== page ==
Month: September 2011

Book Review – Counter Clock World, Philip K. Dick

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While I count Blade Runner as probably my favourite sci-fi film of all time, it’s only in the last couple of years that I’ve really become a convert to the twisted worlds of Philip K Dick. I’ve now read quite a few of them and have invariably become engrossed in each one. This latest, Counter Clock World, is no different.

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Are religious people nicer?

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I read this report some time ago and have been stewing on it since.

The writer, Simon Smart, Director of the Centre for Public Christianity, sheepishly quotes a new report which finds that:

On every measurable scale, religious Americans are more generous, more altruistic and more involved in civic life than their secular counterparts.

They are more likely to give blood, money to a homeless person, financial aid to family or friends, a seat to a stranger and to spend time with someone who is ”a bit down”

He also quotes studies/reports in Australia to support the findings.

All well and good, but Simon undoes his report by taking the opportunity to take a swipe at Richard Dawkins and Sam Harris, as follows:

But this research is in stark contrast to claims by prominent authors such as Richard Dawkins and Sam Harris. After reading their works, you’d swear that religion makes you immediately abandon rationality to become an inward-looking extremist. What Putnam’s book does at the very least is to bring a bit of balance into the conversation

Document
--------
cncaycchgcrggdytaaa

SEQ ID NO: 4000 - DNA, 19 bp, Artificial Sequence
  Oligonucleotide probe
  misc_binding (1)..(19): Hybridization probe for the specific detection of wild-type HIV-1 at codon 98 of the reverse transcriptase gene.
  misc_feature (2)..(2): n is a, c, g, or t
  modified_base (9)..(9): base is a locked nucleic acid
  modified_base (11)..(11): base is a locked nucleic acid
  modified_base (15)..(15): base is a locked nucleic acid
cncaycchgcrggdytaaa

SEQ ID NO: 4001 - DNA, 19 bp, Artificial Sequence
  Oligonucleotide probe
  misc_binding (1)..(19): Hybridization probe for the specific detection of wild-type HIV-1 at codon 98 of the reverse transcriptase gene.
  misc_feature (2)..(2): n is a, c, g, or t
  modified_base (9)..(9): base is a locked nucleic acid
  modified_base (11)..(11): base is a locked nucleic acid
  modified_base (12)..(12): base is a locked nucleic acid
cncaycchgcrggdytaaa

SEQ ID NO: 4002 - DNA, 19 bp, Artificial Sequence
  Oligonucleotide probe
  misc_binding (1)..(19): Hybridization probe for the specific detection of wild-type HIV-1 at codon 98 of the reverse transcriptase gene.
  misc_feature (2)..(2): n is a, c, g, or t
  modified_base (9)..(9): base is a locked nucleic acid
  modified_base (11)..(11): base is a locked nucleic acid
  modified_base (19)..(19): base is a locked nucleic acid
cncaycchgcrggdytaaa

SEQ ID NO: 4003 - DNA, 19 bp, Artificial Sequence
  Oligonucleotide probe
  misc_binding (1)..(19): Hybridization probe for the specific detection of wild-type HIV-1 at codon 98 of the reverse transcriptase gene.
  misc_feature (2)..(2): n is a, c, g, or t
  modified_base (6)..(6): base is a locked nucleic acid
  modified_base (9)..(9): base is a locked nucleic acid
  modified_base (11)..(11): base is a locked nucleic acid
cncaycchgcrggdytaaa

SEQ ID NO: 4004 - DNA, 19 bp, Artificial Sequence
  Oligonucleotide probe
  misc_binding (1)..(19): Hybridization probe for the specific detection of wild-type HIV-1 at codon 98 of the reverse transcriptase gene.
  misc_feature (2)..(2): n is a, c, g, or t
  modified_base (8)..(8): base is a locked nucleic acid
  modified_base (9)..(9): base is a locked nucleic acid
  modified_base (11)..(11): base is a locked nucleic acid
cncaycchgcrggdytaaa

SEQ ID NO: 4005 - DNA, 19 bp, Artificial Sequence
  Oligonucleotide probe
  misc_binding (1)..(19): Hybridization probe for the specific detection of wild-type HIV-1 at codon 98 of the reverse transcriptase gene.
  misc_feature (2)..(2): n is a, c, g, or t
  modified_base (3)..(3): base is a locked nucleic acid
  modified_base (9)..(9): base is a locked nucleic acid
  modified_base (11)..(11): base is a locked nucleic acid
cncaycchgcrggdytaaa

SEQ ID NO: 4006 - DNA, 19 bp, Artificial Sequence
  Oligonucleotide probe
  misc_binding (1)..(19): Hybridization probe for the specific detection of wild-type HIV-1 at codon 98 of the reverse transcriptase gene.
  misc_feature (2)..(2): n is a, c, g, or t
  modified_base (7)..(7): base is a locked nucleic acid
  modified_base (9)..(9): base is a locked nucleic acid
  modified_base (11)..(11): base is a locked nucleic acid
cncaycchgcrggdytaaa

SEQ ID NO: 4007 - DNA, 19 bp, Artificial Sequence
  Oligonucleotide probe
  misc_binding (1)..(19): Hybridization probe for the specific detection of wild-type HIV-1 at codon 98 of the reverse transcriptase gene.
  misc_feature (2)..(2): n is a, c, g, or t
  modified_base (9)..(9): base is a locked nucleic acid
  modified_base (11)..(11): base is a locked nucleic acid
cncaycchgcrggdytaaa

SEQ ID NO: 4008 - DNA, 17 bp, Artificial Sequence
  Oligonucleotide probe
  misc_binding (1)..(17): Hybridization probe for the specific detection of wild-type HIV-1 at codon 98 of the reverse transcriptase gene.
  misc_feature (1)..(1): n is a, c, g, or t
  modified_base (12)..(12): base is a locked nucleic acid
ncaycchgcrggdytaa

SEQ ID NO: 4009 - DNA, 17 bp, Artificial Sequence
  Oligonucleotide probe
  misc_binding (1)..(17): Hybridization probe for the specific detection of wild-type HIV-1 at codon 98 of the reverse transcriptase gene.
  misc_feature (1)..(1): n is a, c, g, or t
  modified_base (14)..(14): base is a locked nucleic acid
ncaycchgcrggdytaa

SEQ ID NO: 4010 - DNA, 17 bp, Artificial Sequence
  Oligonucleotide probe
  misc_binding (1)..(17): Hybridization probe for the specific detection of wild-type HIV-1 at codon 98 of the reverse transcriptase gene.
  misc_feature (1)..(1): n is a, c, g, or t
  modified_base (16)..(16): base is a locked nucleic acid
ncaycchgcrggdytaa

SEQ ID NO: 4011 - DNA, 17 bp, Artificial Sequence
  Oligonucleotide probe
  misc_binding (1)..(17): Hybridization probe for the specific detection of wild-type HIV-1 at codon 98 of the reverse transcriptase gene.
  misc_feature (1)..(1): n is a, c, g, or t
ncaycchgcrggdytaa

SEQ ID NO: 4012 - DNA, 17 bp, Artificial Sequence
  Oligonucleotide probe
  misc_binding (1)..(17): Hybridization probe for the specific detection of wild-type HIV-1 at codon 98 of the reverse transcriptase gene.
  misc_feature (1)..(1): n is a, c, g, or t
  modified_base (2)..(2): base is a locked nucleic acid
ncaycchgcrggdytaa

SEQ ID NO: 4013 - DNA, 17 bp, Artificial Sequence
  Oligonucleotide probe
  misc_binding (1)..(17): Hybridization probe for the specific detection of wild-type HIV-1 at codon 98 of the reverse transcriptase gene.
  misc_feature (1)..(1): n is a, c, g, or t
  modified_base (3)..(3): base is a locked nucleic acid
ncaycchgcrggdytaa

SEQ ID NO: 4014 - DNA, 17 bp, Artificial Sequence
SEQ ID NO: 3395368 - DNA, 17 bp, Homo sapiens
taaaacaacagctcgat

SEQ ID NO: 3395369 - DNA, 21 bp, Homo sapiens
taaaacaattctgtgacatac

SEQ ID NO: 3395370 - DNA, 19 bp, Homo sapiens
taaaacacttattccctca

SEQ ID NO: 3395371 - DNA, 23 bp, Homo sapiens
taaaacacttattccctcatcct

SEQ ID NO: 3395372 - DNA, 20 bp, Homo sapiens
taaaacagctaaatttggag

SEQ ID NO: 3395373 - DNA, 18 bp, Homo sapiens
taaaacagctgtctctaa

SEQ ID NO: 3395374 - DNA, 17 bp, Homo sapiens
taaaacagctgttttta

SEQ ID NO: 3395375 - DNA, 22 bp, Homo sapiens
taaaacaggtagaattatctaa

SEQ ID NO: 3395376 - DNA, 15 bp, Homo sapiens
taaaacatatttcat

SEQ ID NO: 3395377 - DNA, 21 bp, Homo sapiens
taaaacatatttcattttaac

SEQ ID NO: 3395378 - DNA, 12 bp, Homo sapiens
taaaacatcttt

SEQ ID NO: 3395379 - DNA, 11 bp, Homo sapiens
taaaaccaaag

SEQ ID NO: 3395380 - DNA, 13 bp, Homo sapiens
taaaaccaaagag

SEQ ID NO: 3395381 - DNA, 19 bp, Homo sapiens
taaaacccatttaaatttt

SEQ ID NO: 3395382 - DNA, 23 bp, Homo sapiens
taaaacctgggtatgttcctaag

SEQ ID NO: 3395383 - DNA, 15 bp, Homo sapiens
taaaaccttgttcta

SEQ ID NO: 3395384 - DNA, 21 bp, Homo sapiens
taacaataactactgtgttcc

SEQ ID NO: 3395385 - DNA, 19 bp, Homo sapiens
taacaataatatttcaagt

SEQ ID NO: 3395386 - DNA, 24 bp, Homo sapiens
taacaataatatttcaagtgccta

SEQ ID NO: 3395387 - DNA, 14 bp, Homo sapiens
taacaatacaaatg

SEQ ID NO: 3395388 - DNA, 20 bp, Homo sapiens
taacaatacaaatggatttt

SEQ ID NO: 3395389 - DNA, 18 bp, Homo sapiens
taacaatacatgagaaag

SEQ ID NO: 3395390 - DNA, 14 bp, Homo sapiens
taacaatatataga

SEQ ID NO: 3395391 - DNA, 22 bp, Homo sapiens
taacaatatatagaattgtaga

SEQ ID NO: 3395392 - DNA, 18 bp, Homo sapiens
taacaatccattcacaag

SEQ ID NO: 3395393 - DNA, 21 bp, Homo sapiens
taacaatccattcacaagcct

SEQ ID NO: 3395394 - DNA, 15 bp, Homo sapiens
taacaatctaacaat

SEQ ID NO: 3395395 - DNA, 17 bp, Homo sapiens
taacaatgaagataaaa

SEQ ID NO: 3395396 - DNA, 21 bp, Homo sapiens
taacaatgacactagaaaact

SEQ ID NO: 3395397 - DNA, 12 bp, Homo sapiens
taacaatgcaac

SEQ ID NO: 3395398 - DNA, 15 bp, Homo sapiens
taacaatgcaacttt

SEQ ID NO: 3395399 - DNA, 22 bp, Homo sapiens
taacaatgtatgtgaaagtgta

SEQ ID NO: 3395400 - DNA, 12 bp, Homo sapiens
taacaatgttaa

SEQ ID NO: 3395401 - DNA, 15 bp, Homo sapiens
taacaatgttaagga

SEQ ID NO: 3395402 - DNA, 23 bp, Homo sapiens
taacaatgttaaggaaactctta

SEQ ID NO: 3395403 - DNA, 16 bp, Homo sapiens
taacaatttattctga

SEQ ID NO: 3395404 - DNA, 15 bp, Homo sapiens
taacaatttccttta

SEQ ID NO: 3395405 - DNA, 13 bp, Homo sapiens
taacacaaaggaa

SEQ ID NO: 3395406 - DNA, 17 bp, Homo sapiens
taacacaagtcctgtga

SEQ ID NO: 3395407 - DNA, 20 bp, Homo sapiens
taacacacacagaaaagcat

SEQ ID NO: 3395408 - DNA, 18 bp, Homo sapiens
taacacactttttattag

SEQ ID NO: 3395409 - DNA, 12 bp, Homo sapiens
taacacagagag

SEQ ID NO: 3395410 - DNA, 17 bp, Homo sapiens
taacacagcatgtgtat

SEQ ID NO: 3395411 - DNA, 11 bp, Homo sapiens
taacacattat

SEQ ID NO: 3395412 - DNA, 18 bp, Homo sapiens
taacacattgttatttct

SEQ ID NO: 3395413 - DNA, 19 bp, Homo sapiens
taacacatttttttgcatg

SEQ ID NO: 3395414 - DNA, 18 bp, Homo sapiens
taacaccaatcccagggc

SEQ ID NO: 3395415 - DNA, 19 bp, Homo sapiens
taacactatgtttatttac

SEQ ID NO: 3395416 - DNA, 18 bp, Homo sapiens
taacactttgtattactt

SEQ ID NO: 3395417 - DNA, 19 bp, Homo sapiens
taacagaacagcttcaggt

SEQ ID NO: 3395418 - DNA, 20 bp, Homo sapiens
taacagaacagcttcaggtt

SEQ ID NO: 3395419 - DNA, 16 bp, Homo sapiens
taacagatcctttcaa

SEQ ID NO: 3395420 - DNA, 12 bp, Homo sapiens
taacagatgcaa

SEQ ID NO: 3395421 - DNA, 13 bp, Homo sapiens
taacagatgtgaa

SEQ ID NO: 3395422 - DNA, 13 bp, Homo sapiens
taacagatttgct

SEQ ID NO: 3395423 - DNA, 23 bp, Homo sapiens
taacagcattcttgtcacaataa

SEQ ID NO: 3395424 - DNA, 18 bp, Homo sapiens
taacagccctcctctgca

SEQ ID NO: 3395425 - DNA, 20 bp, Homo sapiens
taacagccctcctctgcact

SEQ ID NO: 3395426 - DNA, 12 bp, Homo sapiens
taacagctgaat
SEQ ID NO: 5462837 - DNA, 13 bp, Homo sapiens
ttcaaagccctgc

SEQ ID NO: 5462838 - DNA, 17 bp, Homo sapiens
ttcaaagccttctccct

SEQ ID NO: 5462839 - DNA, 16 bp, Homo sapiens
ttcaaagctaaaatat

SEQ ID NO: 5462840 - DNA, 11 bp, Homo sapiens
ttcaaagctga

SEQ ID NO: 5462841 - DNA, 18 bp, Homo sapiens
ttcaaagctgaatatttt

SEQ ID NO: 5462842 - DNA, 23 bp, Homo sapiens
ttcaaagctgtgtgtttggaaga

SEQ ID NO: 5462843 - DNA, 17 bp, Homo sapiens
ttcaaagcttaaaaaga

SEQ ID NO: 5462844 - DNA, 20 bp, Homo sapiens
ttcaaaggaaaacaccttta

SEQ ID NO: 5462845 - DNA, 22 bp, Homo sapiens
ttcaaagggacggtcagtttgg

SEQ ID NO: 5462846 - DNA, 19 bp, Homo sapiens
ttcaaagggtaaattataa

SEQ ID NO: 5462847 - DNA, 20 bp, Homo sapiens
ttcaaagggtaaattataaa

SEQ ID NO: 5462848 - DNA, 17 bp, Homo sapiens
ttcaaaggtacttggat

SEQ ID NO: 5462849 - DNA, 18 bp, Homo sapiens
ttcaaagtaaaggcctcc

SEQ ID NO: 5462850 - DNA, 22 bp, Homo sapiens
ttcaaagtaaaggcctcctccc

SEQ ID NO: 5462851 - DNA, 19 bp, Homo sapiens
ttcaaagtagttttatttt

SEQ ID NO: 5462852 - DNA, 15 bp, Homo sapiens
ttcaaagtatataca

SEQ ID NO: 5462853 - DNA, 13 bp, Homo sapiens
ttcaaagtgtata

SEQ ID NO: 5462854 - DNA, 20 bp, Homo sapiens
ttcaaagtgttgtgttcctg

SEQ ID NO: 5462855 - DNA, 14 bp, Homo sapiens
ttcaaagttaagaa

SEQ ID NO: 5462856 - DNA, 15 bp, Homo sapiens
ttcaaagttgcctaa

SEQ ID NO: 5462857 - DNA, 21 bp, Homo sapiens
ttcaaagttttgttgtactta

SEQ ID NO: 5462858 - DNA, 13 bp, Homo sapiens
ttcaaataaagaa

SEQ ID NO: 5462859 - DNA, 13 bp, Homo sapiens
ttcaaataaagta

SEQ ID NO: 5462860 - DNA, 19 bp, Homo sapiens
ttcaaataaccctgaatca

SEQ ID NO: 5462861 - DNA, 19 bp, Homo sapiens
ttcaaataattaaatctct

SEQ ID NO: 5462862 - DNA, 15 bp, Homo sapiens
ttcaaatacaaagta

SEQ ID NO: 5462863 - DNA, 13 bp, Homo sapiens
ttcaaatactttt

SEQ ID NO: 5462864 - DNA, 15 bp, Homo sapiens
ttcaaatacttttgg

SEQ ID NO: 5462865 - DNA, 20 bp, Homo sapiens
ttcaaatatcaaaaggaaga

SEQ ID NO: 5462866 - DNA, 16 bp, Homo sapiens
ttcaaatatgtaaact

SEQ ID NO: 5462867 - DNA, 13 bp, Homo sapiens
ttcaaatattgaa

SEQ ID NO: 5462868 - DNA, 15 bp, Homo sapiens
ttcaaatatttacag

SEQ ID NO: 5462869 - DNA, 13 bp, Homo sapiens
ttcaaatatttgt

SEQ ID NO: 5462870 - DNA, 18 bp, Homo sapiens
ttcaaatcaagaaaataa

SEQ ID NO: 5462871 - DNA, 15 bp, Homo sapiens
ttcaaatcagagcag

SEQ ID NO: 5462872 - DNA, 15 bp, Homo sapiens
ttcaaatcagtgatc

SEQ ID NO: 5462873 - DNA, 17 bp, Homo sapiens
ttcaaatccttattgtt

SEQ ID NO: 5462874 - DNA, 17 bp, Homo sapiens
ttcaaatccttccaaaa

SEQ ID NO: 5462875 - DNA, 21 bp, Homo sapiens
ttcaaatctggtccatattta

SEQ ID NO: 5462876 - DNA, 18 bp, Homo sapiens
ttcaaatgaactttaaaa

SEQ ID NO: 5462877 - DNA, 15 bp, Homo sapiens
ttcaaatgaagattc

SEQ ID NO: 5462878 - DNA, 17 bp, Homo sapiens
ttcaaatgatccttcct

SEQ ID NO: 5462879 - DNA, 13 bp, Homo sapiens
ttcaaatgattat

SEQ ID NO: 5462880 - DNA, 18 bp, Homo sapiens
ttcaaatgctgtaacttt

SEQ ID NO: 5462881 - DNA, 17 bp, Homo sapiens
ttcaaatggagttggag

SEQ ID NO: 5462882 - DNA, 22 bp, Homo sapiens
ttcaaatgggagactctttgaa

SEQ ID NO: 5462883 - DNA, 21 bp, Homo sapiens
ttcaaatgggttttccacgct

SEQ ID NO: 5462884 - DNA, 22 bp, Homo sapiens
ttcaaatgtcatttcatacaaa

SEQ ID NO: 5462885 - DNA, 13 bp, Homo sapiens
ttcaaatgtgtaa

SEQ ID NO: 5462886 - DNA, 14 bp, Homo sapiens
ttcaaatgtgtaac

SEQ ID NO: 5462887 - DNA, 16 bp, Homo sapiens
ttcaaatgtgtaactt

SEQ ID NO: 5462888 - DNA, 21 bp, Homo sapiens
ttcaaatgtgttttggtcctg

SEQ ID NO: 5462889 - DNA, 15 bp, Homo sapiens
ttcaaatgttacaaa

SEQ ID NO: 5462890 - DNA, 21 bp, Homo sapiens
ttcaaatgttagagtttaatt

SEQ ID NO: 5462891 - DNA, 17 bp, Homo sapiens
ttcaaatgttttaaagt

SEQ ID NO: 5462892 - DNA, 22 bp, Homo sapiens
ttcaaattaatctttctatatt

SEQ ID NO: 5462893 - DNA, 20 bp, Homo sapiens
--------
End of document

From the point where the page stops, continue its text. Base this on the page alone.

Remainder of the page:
Simon then reveals that maybe religion is not necessarily a pre-requisite for being a good-guy:

A sobering note for believers is that this study reveals that the content of a person’s belief isn’t what matters so much as their level of involvement in a religious community.

An atheist who comes to church to support her partner will rate as well as any believer on these scores.

So, I ask – if this is what the study reveals, then why make the claim about religion at all? Why the provocative headline?

The comments to this piece are fascinating – all 403 of them. While I haven’t read them all, there’s a strong reaction against the article, generally resentful of the ‘we are good, you are bad’ tone. But hasn’t this always been the way with the faithful? Haven’t they always been holier than thou? Well, maybe not always, given the mayhem strewn throughout the bible and the history of mankind.